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#1 Posted : 15 September 2020 08:16:32(UTC)
Rank: Forum user

A neighbouring warehouse unit set full ablaze last night and we have had to vacate the premises.  One unit has structural damage near the gas mains and I am led to belive the Fire Brigade have had to smash in our roller shutter doors to wet the walls to cool it.

I have been asked for a new risk assessment for making sure that its safe for staff to go back in once the Fire Brigade give the go ahead. Is there a condition survey/checklist anywhere on line that would cover such a matter off?  Or can anyone offer any advice on how they would approach this as I am a bit concerned that if a structural engineer is required that a lot of repsonsibilty would be put on those that are not experienced in Safety to make that call amongst other issues.

#2 Posted : 15 September 2020 10:11:29(UTC)
Rank: Super forum user

I would say most certainly that a Stuctural Engineer's report is needed and they should be qualified to give you advice with regard to safety of the building for further occupation.  I would also ask for an inspection by your gas supplier with regards to the safety of your gas installation and your electricity supplier for safety of the electrical installation.  I am not quite sure what you mean by the last sentence in your post. 

peter gotch  
#3 Posted : 15 September 2020 12:56:11(UTC)
Rank: Super forum user
peter gotch

Lisar, you asked:

Is there a condition survey/checklist anywhere on line that would cover such a matter off?

Answer - probably, but I would not trust any generic document in such a situation.

Any competent health and safety professional should know where the boundaries of their competency lie and when they need to call on specialist disciplines.

So assuming that you haven't got qualifications and/or experience in building surveying, then you need help!

That doesn't translate as assuming that a structural engineer or building surveyor will solve all your return to work issues, but that they provide you with specialist advice, that you (and others) can use to make informed decisions as to what, if any, remedial works you need to take to give you comfort that the building is sufficiently safe for its reoccupancy.

Depending on the age and nature of the building, you might need to ask some questions to check that the skill set of a specialist is suitable for the task....and whether you might need more than one, e.g. if the building might contain asbestos containing materials.

Be careful that the "Safety" person doesn't get lumbered with being the sole decision maker. It should not be for you to take this decision on your own!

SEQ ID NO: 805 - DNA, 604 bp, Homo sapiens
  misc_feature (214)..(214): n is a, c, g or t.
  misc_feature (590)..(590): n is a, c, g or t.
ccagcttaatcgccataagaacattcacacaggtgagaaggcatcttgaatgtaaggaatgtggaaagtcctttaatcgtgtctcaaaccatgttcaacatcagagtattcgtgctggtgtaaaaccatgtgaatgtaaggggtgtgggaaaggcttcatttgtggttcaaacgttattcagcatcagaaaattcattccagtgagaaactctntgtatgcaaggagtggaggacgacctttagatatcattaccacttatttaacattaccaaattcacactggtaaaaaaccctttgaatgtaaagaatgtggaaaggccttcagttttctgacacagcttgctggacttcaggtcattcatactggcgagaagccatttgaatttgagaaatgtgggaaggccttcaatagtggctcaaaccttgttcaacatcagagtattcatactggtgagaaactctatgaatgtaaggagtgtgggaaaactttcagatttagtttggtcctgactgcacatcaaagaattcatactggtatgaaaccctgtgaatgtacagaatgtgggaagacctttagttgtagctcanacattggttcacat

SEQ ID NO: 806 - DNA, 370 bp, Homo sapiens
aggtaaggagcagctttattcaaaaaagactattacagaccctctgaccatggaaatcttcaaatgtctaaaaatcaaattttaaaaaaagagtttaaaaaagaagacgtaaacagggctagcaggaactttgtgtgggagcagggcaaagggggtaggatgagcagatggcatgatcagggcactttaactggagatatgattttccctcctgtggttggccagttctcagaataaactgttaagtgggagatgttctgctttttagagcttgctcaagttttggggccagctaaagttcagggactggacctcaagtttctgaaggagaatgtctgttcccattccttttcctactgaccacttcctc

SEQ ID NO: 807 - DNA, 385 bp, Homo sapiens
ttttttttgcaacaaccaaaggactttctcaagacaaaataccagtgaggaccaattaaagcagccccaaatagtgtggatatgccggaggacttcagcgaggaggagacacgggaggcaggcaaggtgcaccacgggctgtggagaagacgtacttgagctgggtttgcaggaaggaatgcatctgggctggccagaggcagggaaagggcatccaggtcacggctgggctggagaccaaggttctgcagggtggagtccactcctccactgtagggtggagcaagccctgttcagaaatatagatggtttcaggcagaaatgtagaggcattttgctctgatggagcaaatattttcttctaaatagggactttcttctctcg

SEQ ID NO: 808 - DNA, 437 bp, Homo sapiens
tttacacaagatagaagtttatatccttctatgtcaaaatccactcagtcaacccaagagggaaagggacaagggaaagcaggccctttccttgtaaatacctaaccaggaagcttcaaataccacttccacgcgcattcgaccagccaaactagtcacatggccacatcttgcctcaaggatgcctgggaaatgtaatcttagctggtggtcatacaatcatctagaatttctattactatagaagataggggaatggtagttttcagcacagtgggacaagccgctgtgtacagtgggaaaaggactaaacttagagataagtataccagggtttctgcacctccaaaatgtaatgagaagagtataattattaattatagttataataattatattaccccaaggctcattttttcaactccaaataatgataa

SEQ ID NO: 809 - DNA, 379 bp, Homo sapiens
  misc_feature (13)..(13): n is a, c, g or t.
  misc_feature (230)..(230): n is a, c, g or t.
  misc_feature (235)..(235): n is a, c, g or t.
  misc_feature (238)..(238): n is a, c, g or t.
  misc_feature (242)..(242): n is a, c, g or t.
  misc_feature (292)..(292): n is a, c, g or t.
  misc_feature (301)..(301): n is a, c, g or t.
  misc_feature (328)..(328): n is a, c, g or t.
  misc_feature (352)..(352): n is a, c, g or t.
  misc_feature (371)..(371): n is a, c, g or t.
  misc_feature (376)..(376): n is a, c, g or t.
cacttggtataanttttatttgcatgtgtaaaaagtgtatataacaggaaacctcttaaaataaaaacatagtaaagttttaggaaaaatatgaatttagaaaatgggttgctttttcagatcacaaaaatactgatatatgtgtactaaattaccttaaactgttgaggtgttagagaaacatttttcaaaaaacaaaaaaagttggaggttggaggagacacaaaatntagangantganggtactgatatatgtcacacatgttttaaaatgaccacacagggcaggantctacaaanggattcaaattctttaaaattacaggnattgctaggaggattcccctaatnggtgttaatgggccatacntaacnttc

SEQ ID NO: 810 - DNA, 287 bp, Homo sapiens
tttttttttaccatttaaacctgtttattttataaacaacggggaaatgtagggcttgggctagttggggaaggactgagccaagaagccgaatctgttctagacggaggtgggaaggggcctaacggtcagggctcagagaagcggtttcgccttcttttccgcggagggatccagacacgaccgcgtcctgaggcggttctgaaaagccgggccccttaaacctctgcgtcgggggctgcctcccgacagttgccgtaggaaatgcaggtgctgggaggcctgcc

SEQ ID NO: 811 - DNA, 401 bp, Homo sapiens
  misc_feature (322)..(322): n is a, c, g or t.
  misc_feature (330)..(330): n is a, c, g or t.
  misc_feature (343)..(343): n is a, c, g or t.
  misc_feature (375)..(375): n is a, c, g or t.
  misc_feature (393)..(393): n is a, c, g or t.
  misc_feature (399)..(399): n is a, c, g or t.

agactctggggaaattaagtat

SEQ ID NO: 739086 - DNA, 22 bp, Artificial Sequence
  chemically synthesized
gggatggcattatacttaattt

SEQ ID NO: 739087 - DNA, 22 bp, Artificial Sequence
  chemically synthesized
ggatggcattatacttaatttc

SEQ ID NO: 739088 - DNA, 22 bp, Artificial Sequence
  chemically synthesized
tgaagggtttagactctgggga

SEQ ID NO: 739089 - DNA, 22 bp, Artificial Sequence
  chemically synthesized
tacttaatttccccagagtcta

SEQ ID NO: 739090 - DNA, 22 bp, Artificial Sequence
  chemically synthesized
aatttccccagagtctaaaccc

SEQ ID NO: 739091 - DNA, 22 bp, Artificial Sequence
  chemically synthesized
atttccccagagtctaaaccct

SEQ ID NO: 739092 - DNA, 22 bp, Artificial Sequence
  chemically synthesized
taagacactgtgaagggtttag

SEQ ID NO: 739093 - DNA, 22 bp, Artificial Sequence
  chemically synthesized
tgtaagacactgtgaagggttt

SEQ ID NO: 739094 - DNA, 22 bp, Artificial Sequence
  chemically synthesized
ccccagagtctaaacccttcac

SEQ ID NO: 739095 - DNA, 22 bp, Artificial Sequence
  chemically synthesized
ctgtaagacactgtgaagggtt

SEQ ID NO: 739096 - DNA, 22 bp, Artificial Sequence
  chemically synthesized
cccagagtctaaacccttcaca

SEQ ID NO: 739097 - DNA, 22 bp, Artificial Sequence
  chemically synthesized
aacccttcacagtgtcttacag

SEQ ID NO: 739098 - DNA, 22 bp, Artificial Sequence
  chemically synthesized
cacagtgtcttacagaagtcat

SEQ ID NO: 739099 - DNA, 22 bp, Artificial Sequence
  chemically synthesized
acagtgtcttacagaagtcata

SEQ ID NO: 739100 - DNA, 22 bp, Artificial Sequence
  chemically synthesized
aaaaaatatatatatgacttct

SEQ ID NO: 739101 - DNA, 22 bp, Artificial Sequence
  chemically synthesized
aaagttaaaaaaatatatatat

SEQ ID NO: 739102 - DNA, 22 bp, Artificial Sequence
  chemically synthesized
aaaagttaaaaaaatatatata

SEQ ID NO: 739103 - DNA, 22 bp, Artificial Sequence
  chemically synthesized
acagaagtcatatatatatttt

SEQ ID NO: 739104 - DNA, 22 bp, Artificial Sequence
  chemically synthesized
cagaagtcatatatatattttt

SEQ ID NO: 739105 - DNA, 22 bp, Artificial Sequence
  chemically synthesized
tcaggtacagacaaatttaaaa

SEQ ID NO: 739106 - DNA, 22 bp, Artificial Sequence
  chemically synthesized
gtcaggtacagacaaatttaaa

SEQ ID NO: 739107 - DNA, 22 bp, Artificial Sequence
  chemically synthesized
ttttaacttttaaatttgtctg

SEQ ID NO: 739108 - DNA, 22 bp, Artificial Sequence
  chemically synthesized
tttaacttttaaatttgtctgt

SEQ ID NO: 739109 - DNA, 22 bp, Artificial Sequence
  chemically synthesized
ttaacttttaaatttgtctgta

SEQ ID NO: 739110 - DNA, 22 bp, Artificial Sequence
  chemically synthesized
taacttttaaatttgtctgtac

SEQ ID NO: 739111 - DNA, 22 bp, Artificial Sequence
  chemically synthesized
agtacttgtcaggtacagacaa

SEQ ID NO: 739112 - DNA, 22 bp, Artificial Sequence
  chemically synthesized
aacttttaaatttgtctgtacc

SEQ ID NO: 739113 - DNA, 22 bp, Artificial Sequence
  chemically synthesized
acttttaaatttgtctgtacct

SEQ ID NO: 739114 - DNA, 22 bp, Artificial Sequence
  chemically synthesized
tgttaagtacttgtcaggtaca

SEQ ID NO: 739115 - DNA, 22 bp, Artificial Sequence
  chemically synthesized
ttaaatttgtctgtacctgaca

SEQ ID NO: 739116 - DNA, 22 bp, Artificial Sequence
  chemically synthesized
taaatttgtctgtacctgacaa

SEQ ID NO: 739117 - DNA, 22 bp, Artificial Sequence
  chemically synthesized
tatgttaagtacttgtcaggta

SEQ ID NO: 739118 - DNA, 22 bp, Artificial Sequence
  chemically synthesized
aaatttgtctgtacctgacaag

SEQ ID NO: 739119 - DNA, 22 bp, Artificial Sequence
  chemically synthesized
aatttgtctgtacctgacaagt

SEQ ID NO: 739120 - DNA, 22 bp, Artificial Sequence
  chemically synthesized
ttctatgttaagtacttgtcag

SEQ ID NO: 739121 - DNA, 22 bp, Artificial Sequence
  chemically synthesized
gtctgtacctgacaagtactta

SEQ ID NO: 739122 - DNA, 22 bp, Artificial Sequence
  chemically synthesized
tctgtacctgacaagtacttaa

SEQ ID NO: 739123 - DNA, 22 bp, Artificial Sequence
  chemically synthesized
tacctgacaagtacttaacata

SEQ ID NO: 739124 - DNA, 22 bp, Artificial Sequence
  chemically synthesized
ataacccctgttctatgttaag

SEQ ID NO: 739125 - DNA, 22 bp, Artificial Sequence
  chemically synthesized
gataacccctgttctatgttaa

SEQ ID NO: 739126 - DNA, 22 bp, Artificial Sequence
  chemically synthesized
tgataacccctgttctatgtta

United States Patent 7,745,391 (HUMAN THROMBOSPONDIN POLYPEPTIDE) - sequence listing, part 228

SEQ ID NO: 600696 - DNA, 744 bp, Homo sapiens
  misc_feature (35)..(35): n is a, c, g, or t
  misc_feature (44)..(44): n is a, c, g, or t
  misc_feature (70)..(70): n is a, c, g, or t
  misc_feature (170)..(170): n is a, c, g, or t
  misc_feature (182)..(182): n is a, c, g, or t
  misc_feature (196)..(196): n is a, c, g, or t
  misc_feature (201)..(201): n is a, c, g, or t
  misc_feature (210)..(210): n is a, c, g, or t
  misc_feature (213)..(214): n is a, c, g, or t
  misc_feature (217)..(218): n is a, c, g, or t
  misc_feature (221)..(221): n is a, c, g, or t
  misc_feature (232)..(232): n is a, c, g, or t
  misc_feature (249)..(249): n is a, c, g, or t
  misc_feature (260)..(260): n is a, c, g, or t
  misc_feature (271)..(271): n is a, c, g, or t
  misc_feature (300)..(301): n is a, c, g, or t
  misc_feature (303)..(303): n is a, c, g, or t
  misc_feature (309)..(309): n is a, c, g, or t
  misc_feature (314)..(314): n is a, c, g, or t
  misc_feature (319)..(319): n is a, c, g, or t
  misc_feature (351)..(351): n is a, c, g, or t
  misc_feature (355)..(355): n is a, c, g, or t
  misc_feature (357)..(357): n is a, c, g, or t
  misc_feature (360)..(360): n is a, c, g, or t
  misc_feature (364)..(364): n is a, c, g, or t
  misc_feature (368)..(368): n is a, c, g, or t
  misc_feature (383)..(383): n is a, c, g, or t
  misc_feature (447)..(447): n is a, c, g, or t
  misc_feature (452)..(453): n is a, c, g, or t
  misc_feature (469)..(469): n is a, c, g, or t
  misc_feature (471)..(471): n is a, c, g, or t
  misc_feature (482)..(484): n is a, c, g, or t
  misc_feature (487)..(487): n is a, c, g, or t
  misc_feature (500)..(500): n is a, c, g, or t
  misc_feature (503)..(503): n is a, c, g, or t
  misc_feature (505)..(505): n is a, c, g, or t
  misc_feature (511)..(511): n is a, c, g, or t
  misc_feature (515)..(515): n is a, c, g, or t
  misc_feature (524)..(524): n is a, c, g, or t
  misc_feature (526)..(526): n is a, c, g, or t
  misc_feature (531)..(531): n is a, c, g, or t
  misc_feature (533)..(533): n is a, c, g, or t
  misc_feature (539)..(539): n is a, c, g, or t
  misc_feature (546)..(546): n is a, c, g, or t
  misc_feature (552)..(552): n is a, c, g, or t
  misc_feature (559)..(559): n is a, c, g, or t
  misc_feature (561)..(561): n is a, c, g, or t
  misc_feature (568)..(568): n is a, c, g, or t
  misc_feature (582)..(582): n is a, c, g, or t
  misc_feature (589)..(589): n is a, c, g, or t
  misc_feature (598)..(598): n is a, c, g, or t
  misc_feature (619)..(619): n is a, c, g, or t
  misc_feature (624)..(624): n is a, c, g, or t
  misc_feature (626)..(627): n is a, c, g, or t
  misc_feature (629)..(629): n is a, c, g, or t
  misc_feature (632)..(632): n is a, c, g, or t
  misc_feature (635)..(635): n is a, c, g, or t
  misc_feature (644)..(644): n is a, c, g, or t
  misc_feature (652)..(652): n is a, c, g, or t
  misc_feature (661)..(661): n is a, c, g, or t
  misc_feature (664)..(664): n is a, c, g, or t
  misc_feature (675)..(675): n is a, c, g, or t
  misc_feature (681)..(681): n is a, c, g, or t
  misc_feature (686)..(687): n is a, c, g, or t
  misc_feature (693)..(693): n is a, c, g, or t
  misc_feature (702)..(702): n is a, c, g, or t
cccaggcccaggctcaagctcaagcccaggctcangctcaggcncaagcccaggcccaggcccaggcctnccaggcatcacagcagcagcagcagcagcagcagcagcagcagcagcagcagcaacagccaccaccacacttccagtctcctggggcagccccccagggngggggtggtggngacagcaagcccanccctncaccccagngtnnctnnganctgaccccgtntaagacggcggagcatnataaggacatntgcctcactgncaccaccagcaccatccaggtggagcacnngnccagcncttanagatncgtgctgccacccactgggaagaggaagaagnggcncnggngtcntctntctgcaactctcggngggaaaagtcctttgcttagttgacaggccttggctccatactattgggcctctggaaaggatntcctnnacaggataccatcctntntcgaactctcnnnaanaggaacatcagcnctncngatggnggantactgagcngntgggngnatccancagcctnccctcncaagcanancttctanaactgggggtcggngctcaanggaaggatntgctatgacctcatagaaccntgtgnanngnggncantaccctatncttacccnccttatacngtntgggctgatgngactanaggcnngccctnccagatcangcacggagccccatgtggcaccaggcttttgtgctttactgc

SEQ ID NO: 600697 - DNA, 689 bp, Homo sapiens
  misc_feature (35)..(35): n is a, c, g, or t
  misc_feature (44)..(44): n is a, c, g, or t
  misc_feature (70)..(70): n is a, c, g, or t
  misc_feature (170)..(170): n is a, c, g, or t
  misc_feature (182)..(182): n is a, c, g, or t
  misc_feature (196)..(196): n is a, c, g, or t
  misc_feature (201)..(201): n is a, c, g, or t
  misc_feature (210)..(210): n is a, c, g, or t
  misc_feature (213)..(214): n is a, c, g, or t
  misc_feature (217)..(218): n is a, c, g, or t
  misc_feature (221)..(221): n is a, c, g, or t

thanks 3 users thanked peter gotch for this useful post.
A Kurdziel on 15/09/2020(UTC), chris42 on 15/09/2020(UTC), DHeptinstall on 15/09/2020(UTC)
#4 Posted : 15 September 2020 13:39:14(UTC)
Rank: Super forum user

Isn’t this a question for the insurance company? They are bound to have a system for dealing with this scenario and pay for what / who is necessary.


thanks 2 users thanked chris42 for this useful post.
A Kurdziel on 15/09/2020(UTC), George_Young on 15/09/2020(UTC)
#5 Posted : 15 September 2020 13:54:24(UTC)
Rank: Super forum user

'once the Fire Brigade give the go ahead.'

I would have a talk with them to find out exactly what they did and what their subsequent findings were. The will have reviewed the situation before giving you the go ahead. Their information - and guidance based on their experience and findings that led to the permission to return - will help you to identify what help you will need. It will also give you some basic information to help you to discuss the situation with your insurance company.

#6 Posted : 16 September 2020 08:11:54(UTC)
Rank: Super forum user

With my structural engineer hat on (which is a more qualified hat than my safety hat, as it happens), I have done various post-fire structural assessments and indeed post-other-bad-things structural assesments (impact, extreme subsidence etc).  What is involved is basically far too open-ended a question to say anything without seeing a lot of detail - the simplest such case is a quick once-over type review and the largest such exercise I was involved in (Minster Court fire in early '90s - which aptly enough was an insurance underwriting centre) gave us man-years of work and supposedly cost £25 million to reinstate.

I don't really understand the question - a structural engineer will tell you if it is structurally safe and/or what to do to make it structurally safe and/or what more to do to determine if it is structurally safe.  As for any professional they should tell you if the question you are asking is outside their competence.  They (probably - you might find a multiple-qualified one that may comment on legal issues, for example) won't do anything more than comment on the structural issues.  Yes being a structural engineer carries a lot of responsibility - get your maths wrong and people die.

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